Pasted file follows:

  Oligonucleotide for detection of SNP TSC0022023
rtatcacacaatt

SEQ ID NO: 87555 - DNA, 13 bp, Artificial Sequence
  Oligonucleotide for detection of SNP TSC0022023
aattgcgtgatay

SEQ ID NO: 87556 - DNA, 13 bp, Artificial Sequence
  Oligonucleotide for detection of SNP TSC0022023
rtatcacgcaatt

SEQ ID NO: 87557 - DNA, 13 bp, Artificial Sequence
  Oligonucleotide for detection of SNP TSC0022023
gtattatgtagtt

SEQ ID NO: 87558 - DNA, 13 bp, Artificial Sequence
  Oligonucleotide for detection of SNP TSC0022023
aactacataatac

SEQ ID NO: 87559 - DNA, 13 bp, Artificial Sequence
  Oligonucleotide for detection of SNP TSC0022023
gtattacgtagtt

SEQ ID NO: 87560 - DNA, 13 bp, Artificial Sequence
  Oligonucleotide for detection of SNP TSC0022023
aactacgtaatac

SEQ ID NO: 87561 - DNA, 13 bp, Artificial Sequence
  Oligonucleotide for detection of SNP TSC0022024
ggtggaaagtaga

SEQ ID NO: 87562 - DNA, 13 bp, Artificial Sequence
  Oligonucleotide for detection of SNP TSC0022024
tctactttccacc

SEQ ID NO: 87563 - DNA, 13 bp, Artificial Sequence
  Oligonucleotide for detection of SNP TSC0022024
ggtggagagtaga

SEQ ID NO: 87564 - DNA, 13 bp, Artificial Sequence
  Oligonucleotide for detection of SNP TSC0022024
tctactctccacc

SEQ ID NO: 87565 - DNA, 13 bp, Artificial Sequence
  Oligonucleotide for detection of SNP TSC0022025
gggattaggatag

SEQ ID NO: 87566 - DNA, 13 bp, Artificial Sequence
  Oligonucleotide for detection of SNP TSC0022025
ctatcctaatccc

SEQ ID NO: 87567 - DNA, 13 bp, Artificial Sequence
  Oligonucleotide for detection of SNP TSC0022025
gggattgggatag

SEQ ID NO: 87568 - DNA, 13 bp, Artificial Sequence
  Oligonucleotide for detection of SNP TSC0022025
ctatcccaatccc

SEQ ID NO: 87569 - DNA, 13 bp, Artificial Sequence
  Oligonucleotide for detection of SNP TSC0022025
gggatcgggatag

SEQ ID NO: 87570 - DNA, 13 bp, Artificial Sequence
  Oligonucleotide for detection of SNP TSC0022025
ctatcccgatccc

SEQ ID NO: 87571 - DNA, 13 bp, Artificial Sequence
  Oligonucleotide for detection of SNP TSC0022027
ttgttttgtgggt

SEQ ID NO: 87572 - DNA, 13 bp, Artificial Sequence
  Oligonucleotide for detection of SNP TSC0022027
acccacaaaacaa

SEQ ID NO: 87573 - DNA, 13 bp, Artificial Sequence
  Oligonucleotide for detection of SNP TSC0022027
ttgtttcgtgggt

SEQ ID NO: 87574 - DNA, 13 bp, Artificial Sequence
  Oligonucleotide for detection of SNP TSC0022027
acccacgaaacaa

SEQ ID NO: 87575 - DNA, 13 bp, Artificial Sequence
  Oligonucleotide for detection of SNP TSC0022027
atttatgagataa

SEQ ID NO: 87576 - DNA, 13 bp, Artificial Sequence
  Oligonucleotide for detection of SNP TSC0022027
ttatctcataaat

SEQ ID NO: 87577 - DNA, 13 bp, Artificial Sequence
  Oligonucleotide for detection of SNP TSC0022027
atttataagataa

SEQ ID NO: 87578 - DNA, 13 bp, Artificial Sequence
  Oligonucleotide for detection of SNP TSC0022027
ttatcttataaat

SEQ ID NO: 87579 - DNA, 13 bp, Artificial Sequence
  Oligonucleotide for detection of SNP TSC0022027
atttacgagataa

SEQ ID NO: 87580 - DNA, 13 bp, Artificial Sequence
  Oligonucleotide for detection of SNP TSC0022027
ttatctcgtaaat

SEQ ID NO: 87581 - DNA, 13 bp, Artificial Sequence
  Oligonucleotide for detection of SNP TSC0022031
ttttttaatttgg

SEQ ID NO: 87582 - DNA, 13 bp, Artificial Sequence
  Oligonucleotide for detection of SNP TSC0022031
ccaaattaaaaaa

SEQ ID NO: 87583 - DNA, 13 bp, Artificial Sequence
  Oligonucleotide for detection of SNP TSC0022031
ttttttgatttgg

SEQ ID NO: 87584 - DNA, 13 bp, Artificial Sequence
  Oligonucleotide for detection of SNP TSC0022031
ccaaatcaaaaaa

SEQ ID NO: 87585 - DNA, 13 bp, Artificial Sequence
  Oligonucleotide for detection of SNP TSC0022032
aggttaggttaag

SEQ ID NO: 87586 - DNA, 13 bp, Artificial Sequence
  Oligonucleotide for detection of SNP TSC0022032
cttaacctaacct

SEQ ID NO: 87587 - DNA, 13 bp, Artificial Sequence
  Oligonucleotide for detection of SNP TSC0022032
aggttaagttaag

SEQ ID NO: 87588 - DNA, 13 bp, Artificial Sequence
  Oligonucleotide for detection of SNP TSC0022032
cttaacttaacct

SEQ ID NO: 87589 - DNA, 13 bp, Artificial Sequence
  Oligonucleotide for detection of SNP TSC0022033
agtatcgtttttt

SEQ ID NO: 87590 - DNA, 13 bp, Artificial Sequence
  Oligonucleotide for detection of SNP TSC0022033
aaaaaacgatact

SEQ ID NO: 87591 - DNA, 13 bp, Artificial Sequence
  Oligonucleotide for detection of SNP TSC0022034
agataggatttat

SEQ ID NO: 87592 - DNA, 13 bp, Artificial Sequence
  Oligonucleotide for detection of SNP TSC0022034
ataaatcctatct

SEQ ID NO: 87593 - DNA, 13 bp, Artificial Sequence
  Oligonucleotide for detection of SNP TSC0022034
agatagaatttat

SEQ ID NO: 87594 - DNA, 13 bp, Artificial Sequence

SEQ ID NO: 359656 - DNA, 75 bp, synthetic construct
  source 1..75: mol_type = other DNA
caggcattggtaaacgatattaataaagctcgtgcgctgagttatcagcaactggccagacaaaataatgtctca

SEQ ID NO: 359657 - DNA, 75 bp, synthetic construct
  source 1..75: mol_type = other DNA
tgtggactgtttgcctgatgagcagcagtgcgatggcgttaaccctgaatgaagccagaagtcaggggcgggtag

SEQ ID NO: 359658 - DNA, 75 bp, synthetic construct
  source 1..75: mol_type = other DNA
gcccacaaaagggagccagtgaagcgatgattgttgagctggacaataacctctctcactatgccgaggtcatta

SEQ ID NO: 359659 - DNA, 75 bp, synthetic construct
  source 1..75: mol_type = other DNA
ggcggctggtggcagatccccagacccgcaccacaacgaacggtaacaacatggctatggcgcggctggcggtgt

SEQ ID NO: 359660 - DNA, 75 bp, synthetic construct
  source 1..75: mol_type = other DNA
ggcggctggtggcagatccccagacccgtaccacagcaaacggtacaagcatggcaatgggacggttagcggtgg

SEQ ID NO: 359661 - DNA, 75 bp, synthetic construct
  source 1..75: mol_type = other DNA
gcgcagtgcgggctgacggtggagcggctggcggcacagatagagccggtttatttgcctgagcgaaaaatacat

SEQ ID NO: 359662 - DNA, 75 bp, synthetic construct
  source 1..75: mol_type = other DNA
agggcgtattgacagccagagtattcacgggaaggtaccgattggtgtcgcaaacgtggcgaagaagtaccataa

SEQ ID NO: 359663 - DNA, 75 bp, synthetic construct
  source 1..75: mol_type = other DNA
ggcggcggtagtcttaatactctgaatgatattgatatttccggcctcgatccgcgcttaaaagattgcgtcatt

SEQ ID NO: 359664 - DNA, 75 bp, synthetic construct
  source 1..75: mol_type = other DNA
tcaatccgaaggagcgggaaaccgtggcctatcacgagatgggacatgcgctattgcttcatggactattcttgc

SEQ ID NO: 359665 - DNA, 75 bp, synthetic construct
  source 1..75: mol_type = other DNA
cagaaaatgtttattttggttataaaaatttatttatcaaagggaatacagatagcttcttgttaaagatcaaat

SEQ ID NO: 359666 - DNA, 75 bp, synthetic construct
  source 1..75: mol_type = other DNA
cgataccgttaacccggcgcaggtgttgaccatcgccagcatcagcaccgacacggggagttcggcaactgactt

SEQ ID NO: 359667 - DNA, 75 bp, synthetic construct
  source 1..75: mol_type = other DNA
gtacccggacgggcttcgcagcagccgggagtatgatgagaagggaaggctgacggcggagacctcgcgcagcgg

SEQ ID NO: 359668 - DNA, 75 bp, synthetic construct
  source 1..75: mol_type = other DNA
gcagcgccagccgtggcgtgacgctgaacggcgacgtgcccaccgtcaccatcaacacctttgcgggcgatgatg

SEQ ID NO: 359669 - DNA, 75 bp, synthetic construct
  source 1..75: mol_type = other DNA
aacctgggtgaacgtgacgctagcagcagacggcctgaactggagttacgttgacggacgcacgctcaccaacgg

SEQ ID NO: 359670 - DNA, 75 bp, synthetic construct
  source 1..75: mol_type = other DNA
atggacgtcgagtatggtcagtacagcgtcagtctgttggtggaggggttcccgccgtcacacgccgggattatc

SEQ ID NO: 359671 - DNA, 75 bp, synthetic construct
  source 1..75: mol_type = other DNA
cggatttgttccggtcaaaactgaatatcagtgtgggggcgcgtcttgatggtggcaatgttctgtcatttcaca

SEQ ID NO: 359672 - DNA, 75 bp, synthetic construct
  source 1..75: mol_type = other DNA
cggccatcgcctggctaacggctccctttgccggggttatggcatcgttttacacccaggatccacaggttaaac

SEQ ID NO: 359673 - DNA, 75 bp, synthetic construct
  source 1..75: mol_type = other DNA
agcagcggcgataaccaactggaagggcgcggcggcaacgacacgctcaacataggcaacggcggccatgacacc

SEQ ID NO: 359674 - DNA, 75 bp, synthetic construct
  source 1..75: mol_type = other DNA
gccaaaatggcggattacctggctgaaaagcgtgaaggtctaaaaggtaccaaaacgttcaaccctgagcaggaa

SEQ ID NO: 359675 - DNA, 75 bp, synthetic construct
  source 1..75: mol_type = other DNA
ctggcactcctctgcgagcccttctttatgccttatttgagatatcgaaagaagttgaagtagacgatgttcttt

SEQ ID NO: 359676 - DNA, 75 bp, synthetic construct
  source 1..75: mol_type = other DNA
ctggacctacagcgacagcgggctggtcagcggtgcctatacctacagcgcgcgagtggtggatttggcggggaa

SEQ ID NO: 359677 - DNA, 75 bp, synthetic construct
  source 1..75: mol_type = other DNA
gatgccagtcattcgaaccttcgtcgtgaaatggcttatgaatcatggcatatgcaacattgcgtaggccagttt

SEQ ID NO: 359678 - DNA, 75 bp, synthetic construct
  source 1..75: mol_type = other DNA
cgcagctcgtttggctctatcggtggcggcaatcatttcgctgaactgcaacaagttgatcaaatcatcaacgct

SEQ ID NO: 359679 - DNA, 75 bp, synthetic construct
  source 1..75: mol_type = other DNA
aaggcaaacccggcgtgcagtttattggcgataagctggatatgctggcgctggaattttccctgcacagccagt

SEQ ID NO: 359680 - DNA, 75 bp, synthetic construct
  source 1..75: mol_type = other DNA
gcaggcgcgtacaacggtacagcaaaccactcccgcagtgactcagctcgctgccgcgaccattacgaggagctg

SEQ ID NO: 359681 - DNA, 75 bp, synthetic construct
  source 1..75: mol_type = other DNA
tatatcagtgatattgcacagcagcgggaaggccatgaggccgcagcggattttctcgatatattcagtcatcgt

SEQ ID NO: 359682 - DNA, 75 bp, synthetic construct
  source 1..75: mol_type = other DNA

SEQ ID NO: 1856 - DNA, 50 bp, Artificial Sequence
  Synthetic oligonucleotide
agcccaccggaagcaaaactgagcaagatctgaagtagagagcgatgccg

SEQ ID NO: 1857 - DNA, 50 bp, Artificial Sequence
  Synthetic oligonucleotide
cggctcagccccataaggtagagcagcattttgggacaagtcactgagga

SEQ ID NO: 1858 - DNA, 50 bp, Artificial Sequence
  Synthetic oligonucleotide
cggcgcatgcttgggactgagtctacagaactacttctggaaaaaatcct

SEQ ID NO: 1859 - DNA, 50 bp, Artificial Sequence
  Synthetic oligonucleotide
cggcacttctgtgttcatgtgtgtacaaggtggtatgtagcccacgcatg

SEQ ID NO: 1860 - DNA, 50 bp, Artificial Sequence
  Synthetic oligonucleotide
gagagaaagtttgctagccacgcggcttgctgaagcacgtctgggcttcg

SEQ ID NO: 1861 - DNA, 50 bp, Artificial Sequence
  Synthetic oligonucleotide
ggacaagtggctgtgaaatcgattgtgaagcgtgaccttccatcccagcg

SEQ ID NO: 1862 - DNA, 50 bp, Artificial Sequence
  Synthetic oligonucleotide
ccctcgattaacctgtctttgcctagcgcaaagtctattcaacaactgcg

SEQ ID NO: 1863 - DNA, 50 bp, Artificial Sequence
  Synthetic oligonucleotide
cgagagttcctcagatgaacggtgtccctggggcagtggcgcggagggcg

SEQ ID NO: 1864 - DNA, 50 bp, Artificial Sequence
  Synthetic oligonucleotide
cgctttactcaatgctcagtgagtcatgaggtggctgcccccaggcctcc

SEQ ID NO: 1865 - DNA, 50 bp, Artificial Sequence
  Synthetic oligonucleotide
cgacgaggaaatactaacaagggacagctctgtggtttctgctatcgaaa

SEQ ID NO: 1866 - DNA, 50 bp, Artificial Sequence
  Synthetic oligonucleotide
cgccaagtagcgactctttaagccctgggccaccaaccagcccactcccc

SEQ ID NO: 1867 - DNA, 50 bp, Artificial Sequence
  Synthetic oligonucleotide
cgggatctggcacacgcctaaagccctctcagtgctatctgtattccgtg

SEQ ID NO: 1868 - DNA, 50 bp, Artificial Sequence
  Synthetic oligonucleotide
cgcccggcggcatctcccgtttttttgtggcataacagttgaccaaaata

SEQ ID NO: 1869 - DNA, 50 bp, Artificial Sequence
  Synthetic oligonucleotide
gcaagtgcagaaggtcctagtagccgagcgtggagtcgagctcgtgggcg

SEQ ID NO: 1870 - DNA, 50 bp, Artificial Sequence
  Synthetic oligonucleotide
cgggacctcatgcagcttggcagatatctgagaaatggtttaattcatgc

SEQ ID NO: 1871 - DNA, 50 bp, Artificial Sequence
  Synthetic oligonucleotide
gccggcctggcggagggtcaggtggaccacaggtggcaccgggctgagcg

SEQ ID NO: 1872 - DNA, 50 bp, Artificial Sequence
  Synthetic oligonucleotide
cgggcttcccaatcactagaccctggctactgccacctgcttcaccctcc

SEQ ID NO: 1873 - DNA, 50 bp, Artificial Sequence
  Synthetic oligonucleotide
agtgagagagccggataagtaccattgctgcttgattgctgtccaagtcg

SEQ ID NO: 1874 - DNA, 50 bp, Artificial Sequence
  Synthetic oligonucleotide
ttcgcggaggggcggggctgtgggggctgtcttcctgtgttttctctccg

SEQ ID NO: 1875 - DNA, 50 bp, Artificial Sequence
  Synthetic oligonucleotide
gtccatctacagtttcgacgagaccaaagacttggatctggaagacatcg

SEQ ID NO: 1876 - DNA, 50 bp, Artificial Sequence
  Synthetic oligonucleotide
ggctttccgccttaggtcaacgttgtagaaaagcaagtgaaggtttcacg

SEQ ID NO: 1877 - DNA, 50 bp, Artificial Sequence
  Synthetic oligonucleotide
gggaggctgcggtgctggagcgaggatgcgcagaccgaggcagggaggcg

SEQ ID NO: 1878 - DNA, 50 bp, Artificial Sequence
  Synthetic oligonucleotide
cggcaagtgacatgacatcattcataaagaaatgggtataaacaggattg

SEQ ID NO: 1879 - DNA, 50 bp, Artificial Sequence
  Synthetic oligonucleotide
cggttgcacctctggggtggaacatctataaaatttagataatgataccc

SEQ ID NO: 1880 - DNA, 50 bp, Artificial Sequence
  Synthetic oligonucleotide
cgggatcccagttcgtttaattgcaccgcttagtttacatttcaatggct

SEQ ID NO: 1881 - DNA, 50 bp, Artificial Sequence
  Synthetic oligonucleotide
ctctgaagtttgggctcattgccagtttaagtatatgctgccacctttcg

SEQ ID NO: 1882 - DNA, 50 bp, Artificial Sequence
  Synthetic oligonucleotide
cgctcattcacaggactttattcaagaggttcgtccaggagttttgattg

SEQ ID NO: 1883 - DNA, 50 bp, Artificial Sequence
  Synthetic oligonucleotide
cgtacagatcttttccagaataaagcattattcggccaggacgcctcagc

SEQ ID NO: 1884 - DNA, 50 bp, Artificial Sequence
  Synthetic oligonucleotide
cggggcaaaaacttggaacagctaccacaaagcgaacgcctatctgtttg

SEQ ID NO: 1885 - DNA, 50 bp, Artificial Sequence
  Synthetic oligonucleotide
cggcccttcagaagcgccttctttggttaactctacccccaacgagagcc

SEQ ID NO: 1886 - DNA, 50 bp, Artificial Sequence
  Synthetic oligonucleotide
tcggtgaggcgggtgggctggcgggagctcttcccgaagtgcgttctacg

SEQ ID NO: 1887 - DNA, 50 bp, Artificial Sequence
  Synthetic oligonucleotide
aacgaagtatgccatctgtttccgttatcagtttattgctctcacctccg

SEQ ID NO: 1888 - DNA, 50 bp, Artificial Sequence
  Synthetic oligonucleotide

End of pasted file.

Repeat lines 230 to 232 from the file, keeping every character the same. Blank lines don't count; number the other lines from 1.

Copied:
cgacgaggaaatactaacaagggacagctctgtggtttctgctatcgaaa

SEQ ID NO: 1866 - DNA, 50 bp, Artificial Sequence
  Synthetic oligonucleotide